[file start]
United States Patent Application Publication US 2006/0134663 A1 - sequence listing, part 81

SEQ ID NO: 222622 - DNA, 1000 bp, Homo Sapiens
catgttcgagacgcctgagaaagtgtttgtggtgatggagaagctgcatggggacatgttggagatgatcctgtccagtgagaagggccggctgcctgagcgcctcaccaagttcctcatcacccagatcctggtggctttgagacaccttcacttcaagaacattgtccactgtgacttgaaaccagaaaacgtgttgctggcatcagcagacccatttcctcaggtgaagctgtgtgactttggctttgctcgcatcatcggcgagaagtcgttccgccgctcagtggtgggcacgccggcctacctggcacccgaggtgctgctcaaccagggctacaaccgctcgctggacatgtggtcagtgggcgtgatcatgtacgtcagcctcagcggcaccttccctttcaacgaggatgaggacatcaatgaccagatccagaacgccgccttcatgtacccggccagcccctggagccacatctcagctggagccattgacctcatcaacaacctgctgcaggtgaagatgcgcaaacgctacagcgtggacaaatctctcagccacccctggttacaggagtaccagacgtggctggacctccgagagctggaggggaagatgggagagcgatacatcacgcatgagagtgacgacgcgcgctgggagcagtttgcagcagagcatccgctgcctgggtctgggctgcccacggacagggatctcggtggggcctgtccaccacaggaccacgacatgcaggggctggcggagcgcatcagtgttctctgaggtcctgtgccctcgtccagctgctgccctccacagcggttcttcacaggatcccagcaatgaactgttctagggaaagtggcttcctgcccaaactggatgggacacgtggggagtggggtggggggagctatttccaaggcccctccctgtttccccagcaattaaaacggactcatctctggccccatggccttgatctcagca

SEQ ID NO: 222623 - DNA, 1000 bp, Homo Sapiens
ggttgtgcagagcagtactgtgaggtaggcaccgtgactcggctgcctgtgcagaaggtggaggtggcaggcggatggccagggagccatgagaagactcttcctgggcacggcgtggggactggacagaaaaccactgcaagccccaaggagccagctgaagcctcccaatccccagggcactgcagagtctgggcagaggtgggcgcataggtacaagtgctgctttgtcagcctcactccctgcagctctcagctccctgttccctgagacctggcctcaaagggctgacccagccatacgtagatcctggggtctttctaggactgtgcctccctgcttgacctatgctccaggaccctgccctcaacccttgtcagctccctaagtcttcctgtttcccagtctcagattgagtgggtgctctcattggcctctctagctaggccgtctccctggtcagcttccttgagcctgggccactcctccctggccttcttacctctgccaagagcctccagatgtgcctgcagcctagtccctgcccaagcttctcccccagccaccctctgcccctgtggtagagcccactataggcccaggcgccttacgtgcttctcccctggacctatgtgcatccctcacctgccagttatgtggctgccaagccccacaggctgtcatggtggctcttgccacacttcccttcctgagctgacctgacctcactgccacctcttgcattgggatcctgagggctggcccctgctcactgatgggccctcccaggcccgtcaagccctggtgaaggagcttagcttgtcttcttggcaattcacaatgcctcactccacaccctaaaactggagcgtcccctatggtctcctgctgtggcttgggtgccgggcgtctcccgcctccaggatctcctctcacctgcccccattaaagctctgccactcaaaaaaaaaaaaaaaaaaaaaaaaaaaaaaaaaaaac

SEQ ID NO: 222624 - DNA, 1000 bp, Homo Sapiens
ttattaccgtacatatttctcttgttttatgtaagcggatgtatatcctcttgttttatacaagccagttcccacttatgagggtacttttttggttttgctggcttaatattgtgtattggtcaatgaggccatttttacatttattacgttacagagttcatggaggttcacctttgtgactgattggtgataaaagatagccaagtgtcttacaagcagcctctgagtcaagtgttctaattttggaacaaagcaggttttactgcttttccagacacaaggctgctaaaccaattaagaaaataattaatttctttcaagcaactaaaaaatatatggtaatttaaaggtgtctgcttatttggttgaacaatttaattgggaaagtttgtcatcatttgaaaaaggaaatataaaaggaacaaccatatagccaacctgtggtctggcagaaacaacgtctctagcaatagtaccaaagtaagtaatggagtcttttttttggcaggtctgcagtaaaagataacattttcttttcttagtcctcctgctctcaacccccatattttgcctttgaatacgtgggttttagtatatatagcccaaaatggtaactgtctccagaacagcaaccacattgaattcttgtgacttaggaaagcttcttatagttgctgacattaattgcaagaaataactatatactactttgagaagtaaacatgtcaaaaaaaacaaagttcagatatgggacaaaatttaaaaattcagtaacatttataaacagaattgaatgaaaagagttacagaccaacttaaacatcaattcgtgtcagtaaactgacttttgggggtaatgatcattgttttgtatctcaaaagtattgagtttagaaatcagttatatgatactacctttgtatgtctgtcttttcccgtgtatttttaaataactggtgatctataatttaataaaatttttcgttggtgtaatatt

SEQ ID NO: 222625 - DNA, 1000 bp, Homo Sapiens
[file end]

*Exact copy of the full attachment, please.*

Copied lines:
United States Patent Application Publication US 2006/0134663 A1 - sequence listing, part 81

SEQ ID NO: 222622 - DNA, 1000 bp, Homo Sapiens
catgttcgagacgcctgagaaagtgtttgtggtgatggagaagctgcatggggacatgttggagatgatcctgtccagtgagaagggccggctgcctgagcgcctcaccaagttcctcatcacccagatcctggtggctttgagacaccttcacttcaagaacattgtccactgtgacttgaaaccagaaaacgtgttgctggcatcagcagacccatttcctcaggtgaagctgtgtgactttggctttgctcgcatcatcggcgagaagtcgttccgccgctcagtggtgggcacgccggcctacctggcacccgaggtgctgctcaaccagggctacaaccgctcgctggacatgtggtcagtgggcgtgatcatgtacgtcagcctcagcggcaccttccctttcaacgaggatgaggacatcaatgaccagatccagaacgccgccttcatgtacccggccagcccctggagccacatctcagctggagccattgacctcatcaacaacctgctgcaggtgaagatgcgcaaacgctacagcgtggacaaatctctcagccacccctggttacaggagtaccagacgtggctggacctccgagagctggaggggaagatgggagagcgatacatcacgcatgagagtgacgacgcgcgctgggagcagtttgcagcagagcatccgctgcctgggtctgggctgcccacggacagggatctcggtggggcctgtccaccacaggaccacgacatgcaggggctggcggagcgcatcagtgttctctgaggtcctgtgccctcgtccagctgctgccctccacagcggttcttcacaggatcccagcaatgaactgttctagggaaagtggcttcctgcccaaactggatgggacacgtggggagtggggtggggggagctatttccaaggcccctccctgtttccccagcaattaaaacggactcatctctggccccatggccttgatctcagca

SEQ ID NO: 222623 - DNA, 1000 bp, Homo Sapiens
ggttgtgcagagcagtactgtgaggtaggcaccgtgactcggctgcctgtgcagaaggtggaggtggcaggcggatggccagggagccatgagaagactcttcctgggcacggcgtggggactggacagaaaaccactgcaagccccaaggagccagctgaagcctcccaatccccagggcactgcagagtctgggcagaggtgggcgcataggtacaagtgctgctttgtcagcctcactccctgcagctctcagctccctgttccctgagacctggcctcaaagggctgacccagccatacgtagatcctggggtctttctaggactgtgcctccctgcttgacctatgctccaggaccctgccctcaacccttgtcagctccctaagtcttcctgtttcccagtctcagattgagtgggtgctctcattggcctctctagctaggccgtctccctggtcagcttccttgagcctgggccactcctccctggccttcttacctctgccaagagcctccagatgtgcctgcagcctagtccctgcccaagcttctcccccagccaccctctgcccctgtggtagagcccactataggcccaggcgccttacgtgcttctcccctggacctatgtgcatccctcacctgccagttatgtggctgccaagccccacaggctgtcatggtggctcttgccacacttcccttcctgagctgacctgacctcactgccacctcttgcattgggatcctgagggctggcccctgctcactgatgggccctcccaggcccgtcaagccctggtgaaggagcttagcttgtcttcttggcaattcacaatgcctcactccacaccctaaaactggagcgtcccctatggtctcctgctgtggcttgggtgccgggcgtctcccgcctccaggatctcctctcacctgcccccattaaagctctgccactcaaaaaaaaaaaaaaaaaaaaaaaaaaaaaaaaaaaac

SEQ ID NO: 222624 - DNA, 1000 bp, Homo Sapiens
ttattaccgtacatatttctcttgttttatgtaagcggatgtatatcctcttgttttatacaagccagttcccacttatgagggtacttttttggttttgctggcttaatattgtgtattggtcaatgaggccatttttacatttattacgttacagagttcatggaggttcacctttgtgactgattggtgataaaagatagccaagtgtcttacaagcagcctctgagtcaagtgttctaattttggaacaaagcaggttttactgcttttccagacacaaggctgctaaaccaattaagaaaataattaatttctttcaagcaactaaaaaatatatggtaatttaaaggtgtctgcttatttggttgaacaatttaattgggaaagtttgtcatcatttgaaaaaggaaatataaaaggaacaaccatatagccaacctgtggtctggcagaaacaacgtctctagcaatagtaccaaagtaagtaatggagtcttttttttggcaggtctgcagtaaaagataacattttcttttcttagtcctcctgctctcaacccccatattttgcctttgaatacgtgggttttagtatatatagcccaaaatggtaactgtctccagaacagcaaccacattgaattcttgtgacttaggaaagcttcttatagttgctgacattaattgcaagaaataactatatactactttgagaagtaaacatgtcaaaaaaaacaaagttcagatatgggacaaaatttaaaaattcagtaacatttataaacagaattgaatgaaaagagttacagaccaacttaaacatcaattcgtgtcagtaaactgacttttgggggtaatgatcattgttttgtatctcaaaagtattgagtttagaaatcagttatatgatactacctttgtatgtctgtcttttcccgtgtatttttaaataactggtgatctataatttaataaaatttttcgttggtgtaatatt

SEQ ID NO: 222625 - DNA, 1000 bp, Homo Sapiens